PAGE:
Forget Searching for Time. Where are the ideas?
Back in October, as part of Connected Educator Month, I set a goal to focus on being a better blogger. This involved focusing on the technical aspects of learning the WordPress platform, reading and then reading more, and doing more writing.
I may not be a better blogger but I sure I have pressed the publish button more this year than in my entire seven year history as an educational blogger.
I am honored that friends and colleagues now seek me out for advice. The biggest questions other writers have usually revolve around two elements. Where do I find the time? Where do I find the ideas?
I find the time by integrating blogging into my instruction, scholarship, and service. I want to model for my students the power of open learning and reflective practice. I want to push my thinking by writing in public. I focus on content that teachers and researchers in the field need. I do not need to find time. I am doing my job (please note like all teachers I am often crushed under the weight of my to do list).
The ideas do not come as easily. You have to find inspiration in strange places. I look to my kids, my students, recent twitter chats, my rss feed, Google+. I try to rein-vision thinking from other fields into educational settings.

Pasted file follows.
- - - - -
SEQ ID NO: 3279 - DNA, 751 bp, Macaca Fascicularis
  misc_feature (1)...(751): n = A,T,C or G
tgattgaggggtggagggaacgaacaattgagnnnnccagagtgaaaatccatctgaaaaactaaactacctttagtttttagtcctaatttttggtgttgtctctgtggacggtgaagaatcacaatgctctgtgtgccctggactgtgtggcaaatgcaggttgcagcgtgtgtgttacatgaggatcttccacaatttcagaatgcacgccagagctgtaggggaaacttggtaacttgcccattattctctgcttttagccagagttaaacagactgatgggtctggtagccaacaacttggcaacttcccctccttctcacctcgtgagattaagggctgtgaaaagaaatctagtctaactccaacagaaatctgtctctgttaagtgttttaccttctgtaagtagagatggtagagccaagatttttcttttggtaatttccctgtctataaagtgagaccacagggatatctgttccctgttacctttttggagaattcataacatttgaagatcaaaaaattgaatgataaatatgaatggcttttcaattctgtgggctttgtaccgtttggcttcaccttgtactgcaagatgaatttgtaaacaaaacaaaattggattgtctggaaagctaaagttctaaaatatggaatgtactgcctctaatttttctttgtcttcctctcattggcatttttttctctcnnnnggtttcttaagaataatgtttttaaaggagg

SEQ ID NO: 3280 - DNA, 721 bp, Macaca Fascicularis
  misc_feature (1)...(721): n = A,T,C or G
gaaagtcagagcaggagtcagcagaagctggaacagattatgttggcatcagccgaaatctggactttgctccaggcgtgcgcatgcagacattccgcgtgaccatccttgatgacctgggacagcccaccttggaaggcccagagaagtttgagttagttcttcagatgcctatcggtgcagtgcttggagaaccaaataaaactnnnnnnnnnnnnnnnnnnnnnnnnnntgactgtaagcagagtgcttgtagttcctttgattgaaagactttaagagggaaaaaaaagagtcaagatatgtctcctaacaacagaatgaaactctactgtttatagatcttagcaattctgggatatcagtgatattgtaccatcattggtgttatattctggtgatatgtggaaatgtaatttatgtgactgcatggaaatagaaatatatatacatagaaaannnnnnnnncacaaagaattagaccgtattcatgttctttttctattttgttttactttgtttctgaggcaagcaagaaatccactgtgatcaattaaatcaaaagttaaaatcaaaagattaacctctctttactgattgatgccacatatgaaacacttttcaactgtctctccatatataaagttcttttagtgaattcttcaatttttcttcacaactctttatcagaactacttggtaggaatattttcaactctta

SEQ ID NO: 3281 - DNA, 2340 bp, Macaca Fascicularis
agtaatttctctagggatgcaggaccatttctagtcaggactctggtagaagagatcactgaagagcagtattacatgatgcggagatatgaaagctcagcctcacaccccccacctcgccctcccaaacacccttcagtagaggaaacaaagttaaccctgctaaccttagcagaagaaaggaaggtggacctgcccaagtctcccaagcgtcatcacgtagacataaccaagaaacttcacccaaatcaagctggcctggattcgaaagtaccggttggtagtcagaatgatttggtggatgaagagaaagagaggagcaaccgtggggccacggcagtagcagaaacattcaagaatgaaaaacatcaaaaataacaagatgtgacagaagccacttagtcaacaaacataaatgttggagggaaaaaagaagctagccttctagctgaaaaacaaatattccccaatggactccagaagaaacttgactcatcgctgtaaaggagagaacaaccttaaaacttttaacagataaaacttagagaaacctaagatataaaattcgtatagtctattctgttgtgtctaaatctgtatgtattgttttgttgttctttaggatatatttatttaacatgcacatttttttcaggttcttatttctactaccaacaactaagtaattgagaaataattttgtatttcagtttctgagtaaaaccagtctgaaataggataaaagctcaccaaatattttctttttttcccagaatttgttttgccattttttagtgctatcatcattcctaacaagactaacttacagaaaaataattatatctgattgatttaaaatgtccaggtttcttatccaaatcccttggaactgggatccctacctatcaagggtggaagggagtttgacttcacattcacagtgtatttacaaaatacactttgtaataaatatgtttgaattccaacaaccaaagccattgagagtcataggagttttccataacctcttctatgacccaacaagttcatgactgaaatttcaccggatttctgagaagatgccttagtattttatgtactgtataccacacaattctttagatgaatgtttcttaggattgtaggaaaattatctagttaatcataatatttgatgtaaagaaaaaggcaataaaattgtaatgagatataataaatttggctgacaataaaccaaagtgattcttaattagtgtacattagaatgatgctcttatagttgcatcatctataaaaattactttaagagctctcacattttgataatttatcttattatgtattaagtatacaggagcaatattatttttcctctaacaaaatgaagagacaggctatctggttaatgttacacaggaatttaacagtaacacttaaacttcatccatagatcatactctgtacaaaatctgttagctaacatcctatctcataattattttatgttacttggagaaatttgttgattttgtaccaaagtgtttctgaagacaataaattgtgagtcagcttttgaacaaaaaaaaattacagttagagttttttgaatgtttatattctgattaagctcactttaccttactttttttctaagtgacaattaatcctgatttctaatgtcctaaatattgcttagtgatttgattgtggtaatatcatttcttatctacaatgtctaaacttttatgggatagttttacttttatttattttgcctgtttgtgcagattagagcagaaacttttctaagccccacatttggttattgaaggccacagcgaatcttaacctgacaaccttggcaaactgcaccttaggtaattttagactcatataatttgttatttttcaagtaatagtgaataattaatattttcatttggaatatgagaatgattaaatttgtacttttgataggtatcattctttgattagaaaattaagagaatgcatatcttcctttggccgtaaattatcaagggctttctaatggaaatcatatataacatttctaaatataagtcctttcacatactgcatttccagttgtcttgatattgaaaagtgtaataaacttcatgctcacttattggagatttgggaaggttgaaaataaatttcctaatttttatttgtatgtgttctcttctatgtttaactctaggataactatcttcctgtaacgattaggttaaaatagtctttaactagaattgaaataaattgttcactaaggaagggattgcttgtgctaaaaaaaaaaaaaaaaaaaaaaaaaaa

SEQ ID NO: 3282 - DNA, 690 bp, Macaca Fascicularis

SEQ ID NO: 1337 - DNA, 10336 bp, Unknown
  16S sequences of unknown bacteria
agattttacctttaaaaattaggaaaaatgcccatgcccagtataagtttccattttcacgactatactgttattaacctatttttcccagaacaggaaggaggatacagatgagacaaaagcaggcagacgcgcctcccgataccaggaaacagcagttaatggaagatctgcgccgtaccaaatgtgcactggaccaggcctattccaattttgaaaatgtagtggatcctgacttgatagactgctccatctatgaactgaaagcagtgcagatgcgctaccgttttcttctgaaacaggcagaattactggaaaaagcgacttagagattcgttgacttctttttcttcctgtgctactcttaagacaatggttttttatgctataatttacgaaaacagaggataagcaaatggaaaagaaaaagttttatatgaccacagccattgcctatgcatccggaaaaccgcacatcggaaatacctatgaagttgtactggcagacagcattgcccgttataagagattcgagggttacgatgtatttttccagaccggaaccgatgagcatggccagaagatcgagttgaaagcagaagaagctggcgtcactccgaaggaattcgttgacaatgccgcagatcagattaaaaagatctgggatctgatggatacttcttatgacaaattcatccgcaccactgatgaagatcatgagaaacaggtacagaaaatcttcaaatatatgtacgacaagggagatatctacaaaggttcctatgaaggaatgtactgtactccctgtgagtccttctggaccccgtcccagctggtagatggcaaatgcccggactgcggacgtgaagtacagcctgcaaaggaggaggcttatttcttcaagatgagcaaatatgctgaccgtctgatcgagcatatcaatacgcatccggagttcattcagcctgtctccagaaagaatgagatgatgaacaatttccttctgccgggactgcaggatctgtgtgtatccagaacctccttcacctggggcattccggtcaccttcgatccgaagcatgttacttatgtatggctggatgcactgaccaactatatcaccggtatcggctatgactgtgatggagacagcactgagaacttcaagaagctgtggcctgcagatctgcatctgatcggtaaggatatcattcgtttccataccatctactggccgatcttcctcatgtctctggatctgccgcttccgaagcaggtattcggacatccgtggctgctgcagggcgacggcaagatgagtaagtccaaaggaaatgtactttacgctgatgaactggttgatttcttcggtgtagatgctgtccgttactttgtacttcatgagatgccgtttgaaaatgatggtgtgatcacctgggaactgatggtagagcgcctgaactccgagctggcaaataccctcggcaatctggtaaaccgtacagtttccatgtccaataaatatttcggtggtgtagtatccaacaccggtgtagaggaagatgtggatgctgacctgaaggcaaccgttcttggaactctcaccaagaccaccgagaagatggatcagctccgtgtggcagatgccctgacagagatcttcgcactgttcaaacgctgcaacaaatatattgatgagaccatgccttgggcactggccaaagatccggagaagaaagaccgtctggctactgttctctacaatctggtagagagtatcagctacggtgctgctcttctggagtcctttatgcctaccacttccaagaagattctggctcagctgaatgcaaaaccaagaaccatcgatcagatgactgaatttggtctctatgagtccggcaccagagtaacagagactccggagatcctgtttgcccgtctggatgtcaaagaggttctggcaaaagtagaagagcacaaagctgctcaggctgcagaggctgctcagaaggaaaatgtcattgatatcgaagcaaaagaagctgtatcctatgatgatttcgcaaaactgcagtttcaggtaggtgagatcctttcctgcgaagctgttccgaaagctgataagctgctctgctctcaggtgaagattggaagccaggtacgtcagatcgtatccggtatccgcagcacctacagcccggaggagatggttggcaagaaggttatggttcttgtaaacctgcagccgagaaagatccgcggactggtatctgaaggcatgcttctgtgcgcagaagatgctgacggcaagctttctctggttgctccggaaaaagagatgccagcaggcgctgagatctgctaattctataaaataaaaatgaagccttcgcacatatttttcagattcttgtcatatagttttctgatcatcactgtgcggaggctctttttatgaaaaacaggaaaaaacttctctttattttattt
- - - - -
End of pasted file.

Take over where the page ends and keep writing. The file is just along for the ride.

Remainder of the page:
If you approach blogging with a flexible and open mindset the ideas will edventually follow.
This post and the video above came almost verbatim from an email exchange with Dr. Kristy Pytash. She helps to moderate the #walkmyworld project and wants to up her blogging game. The script for the movie, except for the line about carving time for manuscripts, is verbatim from our email exchange. If you allow it ideas can come from anywhere.
Blogging like all writing does not come easily but we do not suffer from writerss block. We just have not developed strategies to generate ideas and formulate our thoughts. Look across your digital landscape and you will find yourself swimming in inspiration. Connect writing to your practice and you will come to see blogging not as something extra to squeeze in but part of the routine that improves your life and the lives of your students.